But the Bible gives a strong warning for Christians not to love the world or anything that is in it because everything that this world has to offer is not from God (1 John 2:15-17). Loving the world and living as the world does may gain us some rewards such as honor, prestige, and comfort. But even the best earthly rewards last only as long as we live.

Another downside to loving the world and everything in it is that love for the world is incompatible with love for the Father. So, if one claims to love both God and the world, there must be something wrong with his love for the Father.

The New Life in Christ

The Christian life must go beyond head knowledge. Of course, learning Christ must include head knowledge. But it must also include the ability to set our mind on the right things that will eventually lead us to live for and with Christ.

Christians should no longer lead a destructive, sinful lifestyle. They have been redeemed from the power of sin and even death, the penalty of sin. Through Jesus’ work on the cross, they have been reconciled to God and the Father and can obtain power from Him to resist temptation.

Subsequently, those who have truly accepted Jesus as their Savior and Lord should put off their sinful habits (Ephesians 4:22), renew their minds (Ephesians 4:23; Romans 12:2), and put on the new nature created by God for true righteousness and holiness (Ephesians 4:24).

Conclusion

Paul’s description of the life of a believer in Ephesians reveals a marvelous process, in which God works within a believer to change him or her. Relying on Jesus Christ’s saving works for us does not mean that we are inactive.

From a life filled with sin and futile efforts to gain merit before God, our lives can be transformed by our relationship with God (which has been made possible through Jesus). As Paul wrote in Ephesians 2:8-9, it is only “by grace you have been saved through faith, and that not of yourselves; it is the gift of God, not of works, lest anyone should boast.”

With Christ’s help, we can learn how to put on the “new man” who He freely provides to all who trust in Him, and will enable us to live in this world without forgetting that we are not of this world anymore.

Safety and Security in the Arms of God

Safety and Security in the Arms of God

Do you ever have trouble falling asleep? Do the pressures of your job, family, or finances push a restful night’s sleep out of reach? Considering everything that is going on today not only in your community but also in many countries all around the world, I can’t really fault you for having sleepless nights.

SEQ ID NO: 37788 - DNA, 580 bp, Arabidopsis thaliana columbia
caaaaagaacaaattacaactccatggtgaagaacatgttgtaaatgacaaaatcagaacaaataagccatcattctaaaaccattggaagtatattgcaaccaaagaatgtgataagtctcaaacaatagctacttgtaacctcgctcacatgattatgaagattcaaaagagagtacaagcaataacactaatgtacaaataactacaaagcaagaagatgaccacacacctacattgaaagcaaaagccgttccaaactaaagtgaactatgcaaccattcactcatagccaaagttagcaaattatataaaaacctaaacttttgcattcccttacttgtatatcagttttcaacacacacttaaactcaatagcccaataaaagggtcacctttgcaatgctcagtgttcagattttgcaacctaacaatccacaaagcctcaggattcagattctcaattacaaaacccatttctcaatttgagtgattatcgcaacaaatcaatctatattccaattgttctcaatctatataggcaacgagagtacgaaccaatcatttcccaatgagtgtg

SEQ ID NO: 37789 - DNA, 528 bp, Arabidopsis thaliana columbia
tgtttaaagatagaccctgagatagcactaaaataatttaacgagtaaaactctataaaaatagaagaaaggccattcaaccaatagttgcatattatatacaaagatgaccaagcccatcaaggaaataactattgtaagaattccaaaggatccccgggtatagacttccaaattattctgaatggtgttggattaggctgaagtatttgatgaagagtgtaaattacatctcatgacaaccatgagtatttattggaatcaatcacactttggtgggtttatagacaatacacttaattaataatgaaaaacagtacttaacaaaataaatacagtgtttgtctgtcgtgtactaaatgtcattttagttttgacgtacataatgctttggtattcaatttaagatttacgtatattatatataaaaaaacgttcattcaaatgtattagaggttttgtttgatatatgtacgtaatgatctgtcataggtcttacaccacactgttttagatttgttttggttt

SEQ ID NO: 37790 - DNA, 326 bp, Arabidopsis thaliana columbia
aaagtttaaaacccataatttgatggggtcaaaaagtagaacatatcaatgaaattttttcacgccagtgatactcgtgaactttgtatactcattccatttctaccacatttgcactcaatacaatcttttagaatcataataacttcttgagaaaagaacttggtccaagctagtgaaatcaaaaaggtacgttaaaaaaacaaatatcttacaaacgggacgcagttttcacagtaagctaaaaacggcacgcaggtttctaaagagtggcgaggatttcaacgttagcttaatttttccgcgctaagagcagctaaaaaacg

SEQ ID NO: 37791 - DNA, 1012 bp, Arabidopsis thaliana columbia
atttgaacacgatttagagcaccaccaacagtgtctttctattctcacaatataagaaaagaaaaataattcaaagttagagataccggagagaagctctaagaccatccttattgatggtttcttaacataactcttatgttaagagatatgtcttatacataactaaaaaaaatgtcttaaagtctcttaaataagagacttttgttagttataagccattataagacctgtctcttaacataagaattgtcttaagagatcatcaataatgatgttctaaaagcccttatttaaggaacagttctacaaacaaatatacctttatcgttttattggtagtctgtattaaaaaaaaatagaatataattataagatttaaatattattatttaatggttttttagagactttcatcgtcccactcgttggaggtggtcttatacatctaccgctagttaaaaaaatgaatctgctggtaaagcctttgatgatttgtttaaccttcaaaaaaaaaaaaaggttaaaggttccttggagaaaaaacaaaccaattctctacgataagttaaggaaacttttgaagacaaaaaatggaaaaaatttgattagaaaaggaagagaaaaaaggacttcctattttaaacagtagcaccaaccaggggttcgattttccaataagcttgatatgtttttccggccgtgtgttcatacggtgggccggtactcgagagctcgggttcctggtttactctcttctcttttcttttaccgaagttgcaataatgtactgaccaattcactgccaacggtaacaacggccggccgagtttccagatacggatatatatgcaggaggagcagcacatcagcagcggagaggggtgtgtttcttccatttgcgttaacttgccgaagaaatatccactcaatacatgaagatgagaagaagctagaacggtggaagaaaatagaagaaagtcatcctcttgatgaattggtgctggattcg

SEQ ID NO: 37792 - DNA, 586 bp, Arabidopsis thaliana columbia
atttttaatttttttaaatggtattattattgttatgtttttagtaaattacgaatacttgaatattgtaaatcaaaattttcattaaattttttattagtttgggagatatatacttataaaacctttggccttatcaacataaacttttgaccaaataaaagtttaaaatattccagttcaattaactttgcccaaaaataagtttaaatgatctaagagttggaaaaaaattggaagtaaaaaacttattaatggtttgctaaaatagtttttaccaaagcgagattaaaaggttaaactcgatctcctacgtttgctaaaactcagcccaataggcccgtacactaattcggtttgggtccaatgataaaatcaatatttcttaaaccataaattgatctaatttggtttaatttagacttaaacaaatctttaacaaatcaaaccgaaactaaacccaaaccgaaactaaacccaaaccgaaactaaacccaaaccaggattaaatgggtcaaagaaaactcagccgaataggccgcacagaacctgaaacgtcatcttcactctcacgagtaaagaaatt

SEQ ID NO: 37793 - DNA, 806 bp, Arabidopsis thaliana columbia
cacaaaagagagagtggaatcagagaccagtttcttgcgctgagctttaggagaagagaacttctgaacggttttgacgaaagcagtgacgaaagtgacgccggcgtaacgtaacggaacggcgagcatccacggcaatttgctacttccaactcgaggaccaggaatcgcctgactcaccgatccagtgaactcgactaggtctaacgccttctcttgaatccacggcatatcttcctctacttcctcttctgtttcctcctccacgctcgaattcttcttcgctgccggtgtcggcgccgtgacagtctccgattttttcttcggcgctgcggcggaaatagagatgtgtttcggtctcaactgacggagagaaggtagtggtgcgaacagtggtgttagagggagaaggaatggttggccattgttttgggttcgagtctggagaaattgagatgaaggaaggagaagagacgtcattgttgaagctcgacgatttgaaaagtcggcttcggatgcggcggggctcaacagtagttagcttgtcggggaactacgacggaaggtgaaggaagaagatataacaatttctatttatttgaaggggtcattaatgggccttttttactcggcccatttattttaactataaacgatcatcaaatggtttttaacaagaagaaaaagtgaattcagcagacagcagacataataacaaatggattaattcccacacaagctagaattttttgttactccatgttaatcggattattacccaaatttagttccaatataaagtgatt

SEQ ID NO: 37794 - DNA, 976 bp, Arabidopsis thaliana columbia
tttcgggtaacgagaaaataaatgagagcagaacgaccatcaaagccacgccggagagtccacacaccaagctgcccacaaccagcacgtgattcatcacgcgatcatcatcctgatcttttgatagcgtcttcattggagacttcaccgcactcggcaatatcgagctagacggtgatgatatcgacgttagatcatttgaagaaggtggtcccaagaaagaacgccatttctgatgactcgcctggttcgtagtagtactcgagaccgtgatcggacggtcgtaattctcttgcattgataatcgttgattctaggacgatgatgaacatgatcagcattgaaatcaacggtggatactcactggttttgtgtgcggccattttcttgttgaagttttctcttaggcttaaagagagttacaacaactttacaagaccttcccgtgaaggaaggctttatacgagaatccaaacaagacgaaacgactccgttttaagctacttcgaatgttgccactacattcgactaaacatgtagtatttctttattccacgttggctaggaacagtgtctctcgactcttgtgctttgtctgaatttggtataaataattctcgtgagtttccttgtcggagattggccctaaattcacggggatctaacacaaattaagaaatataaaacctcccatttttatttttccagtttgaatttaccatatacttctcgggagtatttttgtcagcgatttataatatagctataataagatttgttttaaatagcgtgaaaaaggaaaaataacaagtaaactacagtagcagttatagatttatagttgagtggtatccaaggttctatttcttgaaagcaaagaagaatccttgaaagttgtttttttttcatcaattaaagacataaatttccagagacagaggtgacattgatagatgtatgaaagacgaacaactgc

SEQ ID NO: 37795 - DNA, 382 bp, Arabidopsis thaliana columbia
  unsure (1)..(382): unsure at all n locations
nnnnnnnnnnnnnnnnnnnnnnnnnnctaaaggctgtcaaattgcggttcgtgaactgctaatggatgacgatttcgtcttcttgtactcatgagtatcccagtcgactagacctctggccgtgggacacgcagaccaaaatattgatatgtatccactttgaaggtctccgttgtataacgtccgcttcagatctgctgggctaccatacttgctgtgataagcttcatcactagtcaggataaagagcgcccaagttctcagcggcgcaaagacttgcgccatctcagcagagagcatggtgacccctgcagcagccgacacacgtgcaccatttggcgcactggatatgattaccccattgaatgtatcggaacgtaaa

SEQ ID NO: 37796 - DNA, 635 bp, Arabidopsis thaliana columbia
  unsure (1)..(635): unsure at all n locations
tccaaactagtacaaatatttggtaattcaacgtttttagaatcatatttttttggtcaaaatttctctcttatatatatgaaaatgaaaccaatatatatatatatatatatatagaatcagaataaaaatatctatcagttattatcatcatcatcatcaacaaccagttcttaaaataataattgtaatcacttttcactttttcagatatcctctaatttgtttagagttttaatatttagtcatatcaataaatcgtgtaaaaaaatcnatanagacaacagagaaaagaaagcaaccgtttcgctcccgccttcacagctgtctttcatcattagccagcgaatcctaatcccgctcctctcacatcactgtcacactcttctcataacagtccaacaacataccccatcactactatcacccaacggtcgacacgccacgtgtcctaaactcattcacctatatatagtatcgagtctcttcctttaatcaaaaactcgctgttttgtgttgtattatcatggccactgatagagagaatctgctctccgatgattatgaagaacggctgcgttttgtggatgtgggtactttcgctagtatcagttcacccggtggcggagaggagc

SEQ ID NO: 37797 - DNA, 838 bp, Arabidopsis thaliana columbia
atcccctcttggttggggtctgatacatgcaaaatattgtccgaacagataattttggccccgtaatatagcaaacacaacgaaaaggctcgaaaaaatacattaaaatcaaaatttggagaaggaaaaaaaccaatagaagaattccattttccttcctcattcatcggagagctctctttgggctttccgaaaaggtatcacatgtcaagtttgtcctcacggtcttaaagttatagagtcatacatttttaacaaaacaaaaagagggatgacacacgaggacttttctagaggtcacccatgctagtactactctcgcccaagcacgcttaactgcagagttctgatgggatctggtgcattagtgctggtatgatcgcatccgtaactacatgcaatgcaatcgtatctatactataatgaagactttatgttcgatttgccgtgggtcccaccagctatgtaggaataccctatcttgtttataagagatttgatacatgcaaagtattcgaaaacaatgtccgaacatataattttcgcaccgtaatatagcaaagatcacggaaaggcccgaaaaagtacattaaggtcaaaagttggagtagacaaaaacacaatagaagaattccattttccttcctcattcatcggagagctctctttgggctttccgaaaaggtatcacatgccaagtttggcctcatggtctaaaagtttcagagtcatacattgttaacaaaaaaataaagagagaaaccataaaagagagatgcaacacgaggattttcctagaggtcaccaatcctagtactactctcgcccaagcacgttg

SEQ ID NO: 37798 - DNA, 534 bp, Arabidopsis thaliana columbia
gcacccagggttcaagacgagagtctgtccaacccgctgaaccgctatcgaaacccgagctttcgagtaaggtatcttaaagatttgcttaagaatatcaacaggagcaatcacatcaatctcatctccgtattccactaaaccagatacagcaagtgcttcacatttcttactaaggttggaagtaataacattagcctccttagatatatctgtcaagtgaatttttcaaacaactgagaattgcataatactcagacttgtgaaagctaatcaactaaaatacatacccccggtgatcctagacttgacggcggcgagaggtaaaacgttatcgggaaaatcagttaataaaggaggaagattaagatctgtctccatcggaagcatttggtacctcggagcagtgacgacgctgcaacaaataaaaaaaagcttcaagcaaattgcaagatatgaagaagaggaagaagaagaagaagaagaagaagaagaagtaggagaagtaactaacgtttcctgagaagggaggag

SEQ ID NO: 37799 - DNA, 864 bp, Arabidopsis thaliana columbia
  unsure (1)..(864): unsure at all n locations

But know that you are not the only one asking questions such as, “When will this pandemic be over? Will I ever get my job back? When will my kids be going back to school? Will things ever get back to normal?”

I get it. It’s human nature to want a comfortable life. Who does not want safety and security in every area of their life? Of course, we all want that. But if you are looking to your riches and possessions, friends or family, and your government leaders for answers and solutions, you’ll end up disappointed.

Safety and security can be found only in the arms of God.

Learning from King David

While on the run for his life from his own son Absalom and his men, David faced great pressure and yet found a peaceful night of sleep in God’s arms. Absalom and his forces were in hot pursuit of David, hoping to kill him. In fact, they had camped all around the cave. We read this in 2 Samuel 17:1-29.

From within the cave, David calls on the Lord to hear his pleas and have mercy – just as the Lord had done before (Psalm 4:1). “Hear me” is a passionate and concerned call to God. David had been praying for God’s help and was desperate to receive and answer.

Safety and Security in the Loving Arms of God

With assurance in God, David asks his enemies how long they are going to mock him and imagine that they can overthrow him, and reminds Absalom that God has anointed him and that he is set apart from ungodliness and is separated from God (Psalm 4:2-3).

In a cold, damp cave surrounded by soldiers and listening to David compose another song, David’s close friends question if they have followed the wrong man (Psalm 4:6). They want to see results now with a swift victory, not wait on God. While they whine, David writes songs of praise to the Lord.

David Puts His Joy in the Lord